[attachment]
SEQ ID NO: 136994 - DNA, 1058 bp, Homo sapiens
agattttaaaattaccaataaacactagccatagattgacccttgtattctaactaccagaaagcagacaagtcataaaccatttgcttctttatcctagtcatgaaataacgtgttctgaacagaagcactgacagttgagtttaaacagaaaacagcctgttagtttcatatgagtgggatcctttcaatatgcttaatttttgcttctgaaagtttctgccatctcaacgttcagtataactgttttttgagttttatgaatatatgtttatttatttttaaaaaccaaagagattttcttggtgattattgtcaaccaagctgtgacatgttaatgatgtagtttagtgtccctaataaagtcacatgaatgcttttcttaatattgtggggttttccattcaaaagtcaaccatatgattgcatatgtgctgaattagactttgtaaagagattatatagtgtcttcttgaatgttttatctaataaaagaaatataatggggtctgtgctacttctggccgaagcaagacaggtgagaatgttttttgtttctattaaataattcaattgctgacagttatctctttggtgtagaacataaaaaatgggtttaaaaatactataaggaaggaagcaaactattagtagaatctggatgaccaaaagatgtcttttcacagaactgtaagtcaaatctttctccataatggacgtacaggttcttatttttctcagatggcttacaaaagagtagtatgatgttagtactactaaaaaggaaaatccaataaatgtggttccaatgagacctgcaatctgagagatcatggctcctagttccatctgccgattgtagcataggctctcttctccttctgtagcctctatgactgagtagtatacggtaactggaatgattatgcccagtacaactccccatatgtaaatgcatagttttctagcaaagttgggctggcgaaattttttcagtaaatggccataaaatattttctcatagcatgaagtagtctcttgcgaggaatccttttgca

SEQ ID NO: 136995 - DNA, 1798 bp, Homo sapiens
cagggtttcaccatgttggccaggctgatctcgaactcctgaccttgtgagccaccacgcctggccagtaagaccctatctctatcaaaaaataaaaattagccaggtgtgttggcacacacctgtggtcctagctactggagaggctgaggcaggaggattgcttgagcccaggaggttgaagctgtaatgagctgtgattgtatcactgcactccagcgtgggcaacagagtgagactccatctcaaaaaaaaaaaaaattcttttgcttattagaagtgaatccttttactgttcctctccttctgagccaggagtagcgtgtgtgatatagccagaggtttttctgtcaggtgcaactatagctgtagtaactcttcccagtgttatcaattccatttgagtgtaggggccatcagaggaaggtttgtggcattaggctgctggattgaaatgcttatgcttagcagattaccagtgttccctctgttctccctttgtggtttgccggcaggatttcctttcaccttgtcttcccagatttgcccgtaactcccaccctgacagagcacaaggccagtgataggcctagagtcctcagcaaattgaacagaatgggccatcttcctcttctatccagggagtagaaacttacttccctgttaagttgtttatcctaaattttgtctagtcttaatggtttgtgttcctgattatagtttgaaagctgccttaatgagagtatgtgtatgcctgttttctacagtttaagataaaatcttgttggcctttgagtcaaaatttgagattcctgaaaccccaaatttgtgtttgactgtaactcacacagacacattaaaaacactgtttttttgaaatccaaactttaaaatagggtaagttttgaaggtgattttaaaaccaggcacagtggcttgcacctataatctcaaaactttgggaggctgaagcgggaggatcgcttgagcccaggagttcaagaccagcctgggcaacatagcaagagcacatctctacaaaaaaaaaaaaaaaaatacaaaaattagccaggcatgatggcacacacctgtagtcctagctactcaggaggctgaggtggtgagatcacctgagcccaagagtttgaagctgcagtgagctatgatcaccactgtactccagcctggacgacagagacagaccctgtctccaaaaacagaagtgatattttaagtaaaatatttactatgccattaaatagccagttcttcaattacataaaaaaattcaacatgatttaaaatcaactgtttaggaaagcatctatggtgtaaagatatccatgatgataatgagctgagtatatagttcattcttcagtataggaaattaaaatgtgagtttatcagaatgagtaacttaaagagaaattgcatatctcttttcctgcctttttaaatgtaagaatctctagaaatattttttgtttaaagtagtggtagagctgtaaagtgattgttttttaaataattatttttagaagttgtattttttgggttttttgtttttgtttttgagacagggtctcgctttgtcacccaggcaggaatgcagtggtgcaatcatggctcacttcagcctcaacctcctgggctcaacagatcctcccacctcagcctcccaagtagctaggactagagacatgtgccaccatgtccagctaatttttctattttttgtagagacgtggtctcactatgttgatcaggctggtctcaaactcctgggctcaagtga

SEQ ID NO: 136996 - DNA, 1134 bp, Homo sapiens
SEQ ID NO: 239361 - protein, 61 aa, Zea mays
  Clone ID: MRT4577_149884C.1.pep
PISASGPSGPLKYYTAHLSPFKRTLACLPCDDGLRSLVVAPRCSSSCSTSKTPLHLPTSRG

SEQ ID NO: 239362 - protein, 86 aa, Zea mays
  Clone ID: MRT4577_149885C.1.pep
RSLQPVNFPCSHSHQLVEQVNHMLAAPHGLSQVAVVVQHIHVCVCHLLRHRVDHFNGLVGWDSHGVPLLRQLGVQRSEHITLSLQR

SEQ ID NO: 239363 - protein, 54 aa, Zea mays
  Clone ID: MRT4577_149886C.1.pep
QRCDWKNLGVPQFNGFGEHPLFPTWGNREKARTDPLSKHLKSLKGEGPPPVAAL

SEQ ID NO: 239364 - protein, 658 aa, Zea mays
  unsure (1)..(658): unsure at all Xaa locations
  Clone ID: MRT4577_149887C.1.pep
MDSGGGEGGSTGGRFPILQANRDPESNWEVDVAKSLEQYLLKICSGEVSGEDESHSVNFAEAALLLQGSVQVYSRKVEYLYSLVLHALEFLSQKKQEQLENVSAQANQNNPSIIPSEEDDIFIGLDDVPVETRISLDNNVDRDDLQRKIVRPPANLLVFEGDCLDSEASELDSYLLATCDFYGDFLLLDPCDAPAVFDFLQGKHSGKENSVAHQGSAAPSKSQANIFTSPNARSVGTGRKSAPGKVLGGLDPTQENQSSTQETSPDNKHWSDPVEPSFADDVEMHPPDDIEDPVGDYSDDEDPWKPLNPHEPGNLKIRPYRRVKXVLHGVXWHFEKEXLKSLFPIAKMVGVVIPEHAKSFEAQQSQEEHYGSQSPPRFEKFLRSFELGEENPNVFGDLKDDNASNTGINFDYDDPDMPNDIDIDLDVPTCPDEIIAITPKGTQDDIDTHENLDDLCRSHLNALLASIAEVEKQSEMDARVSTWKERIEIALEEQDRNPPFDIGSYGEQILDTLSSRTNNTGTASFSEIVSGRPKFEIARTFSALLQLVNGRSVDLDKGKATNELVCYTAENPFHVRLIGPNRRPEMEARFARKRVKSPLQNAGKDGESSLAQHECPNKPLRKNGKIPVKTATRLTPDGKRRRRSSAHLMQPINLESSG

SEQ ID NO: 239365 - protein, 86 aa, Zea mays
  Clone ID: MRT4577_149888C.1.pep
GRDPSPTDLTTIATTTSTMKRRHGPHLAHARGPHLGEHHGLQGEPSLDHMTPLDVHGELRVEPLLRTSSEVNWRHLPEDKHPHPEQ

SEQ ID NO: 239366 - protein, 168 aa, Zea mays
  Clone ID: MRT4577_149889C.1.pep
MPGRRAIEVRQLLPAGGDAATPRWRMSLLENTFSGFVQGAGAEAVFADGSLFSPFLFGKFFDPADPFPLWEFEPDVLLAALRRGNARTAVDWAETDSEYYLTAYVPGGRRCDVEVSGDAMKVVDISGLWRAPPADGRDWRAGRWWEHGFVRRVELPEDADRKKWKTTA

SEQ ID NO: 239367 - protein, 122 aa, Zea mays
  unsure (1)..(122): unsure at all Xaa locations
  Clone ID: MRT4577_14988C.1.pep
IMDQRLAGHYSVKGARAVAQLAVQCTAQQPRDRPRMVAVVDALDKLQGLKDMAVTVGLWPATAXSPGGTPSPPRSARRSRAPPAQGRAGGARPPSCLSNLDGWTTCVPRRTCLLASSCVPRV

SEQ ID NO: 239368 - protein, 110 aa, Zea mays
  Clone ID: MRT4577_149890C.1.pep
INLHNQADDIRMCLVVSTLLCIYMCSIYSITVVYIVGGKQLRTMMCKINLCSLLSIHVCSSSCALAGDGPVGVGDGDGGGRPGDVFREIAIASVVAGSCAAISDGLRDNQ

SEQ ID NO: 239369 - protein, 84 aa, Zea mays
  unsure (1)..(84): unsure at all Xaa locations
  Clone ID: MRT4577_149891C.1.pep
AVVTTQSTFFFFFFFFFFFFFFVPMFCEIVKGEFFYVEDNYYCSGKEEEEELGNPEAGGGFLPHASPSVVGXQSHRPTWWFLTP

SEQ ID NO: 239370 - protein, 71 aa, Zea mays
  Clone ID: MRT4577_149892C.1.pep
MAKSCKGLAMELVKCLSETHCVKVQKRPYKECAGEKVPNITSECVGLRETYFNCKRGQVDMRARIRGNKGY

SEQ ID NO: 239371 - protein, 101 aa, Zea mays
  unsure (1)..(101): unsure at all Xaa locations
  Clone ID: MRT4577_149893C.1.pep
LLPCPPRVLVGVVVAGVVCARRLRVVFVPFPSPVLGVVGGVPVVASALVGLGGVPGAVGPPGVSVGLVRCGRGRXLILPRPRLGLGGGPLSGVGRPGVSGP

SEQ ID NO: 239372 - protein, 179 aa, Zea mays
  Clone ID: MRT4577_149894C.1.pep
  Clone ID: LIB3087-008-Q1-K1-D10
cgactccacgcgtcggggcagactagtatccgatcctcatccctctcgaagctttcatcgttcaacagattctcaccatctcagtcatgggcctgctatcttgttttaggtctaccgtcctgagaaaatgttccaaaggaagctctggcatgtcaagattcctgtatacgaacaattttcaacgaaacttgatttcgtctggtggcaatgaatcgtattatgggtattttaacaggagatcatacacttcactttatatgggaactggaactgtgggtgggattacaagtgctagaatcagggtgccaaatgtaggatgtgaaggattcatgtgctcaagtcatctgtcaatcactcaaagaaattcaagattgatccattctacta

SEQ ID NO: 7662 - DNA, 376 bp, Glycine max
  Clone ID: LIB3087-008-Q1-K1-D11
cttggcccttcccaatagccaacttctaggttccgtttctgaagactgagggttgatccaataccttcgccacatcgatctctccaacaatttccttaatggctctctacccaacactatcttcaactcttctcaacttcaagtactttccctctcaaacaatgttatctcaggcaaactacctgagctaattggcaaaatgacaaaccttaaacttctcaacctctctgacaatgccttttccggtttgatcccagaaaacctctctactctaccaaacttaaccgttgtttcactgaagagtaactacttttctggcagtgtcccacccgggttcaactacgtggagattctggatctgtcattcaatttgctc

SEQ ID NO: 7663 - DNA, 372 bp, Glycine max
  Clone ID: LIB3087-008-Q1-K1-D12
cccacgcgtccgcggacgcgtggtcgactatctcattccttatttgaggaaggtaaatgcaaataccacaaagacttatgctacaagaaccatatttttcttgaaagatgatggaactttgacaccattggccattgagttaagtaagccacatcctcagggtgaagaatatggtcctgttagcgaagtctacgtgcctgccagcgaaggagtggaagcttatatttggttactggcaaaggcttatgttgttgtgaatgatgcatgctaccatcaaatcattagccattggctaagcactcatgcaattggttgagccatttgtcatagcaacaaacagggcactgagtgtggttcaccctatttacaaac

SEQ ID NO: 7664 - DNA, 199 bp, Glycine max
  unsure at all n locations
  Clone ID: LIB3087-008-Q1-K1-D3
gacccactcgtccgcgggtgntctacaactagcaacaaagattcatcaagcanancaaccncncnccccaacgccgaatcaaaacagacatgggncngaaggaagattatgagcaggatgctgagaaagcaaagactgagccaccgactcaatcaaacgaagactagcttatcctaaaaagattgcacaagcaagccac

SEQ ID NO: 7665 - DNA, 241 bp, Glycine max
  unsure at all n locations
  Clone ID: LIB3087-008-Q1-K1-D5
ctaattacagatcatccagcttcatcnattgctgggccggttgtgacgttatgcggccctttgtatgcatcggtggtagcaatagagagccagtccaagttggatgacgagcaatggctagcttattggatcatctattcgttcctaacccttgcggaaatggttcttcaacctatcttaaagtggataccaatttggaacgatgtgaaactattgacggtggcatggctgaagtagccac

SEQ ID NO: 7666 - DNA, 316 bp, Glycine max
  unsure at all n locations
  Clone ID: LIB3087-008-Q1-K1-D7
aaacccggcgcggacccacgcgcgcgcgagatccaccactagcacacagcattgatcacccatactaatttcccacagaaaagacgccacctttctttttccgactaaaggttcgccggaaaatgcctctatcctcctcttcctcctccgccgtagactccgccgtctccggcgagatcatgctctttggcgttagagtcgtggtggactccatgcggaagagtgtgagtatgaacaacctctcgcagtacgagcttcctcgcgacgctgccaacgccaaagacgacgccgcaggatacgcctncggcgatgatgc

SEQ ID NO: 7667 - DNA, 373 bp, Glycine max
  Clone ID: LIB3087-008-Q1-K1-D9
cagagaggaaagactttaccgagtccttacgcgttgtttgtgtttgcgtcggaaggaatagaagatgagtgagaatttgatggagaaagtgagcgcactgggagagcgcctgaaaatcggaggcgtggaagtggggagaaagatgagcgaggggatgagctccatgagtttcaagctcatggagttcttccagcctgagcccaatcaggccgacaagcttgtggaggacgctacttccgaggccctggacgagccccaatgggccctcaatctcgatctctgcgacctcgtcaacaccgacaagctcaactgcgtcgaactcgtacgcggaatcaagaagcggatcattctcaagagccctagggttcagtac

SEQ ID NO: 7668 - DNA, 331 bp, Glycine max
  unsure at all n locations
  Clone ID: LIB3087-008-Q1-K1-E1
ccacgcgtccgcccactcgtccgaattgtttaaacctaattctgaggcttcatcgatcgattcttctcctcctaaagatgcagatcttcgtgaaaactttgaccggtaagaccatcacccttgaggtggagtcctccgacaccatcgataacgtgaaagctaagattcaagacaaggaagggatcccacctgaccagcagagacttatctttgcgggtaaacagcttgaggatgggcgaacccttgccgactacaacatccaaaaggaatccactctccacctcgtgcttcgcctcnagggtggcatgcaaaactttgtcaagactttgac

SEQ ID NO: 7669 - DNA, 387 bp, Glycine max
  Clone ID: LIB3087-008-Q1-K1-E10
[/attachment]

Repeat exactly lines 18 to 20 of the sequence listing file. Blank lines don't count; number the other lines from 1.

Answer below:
MDSGGGEGGSTGGRFPILQANRDPESNWEVDVAKSLEQYLLKICSGEVSGEDESHSVNFAEAALLLQGSVQVYSRKVEYLYSLVLHALEFLSQKKQEQLENVSAQANQNNPSIIPSEEDDIFIGLDDVPVETRISLDNNVDRDDLQRKIVRPPANLLVFEGDCLDSEASELDSYLLATCDFYGDFLLLDPCDAPAVFDFLQGKHSGKENSVAHQGSAAPSKSQANIFTSPNARSVGTGRKSAPGKVLGGLDPTQENQSSTQETSPDNKHWSDPVEPSFADDVEMHPPDDIEDPVGDYSDDEDPWKPLNPHEPGNLKIRPYRRVKXVLHGVXWHFEKEXLKSLFPIAKMVGVVIPEHAKSFEAQQSQEEHYGSQSPPRFEKFLRSFELGEENPNVFGDLKDDNASNTGINFDYDDPDMPNDIDIDLDVPTCPDEIIAITPKGTQDDIDTHENLDDLCRSHLNALLASIAEVEKQSEMDARVSTWKERIEIALEEQDRNPPFDIGSYGEQILDTLSSRTNNTGTASFSEIVSGRPKFEIARTFSALLQLVNGRSVDLDKGKATNELVCYTAENPFHVRLIGPNRRPEMEARFARKRVKSPLQNAGKDGESSLAQHECPNKPLRKNGKIPVKTATRLTPDGKRRRRSSAHLMQPINLESSG

SEQ ID NO: 239365 - protein, 86 aa, Zea mays
  Clone ID: MRT4577_149888C.1.pep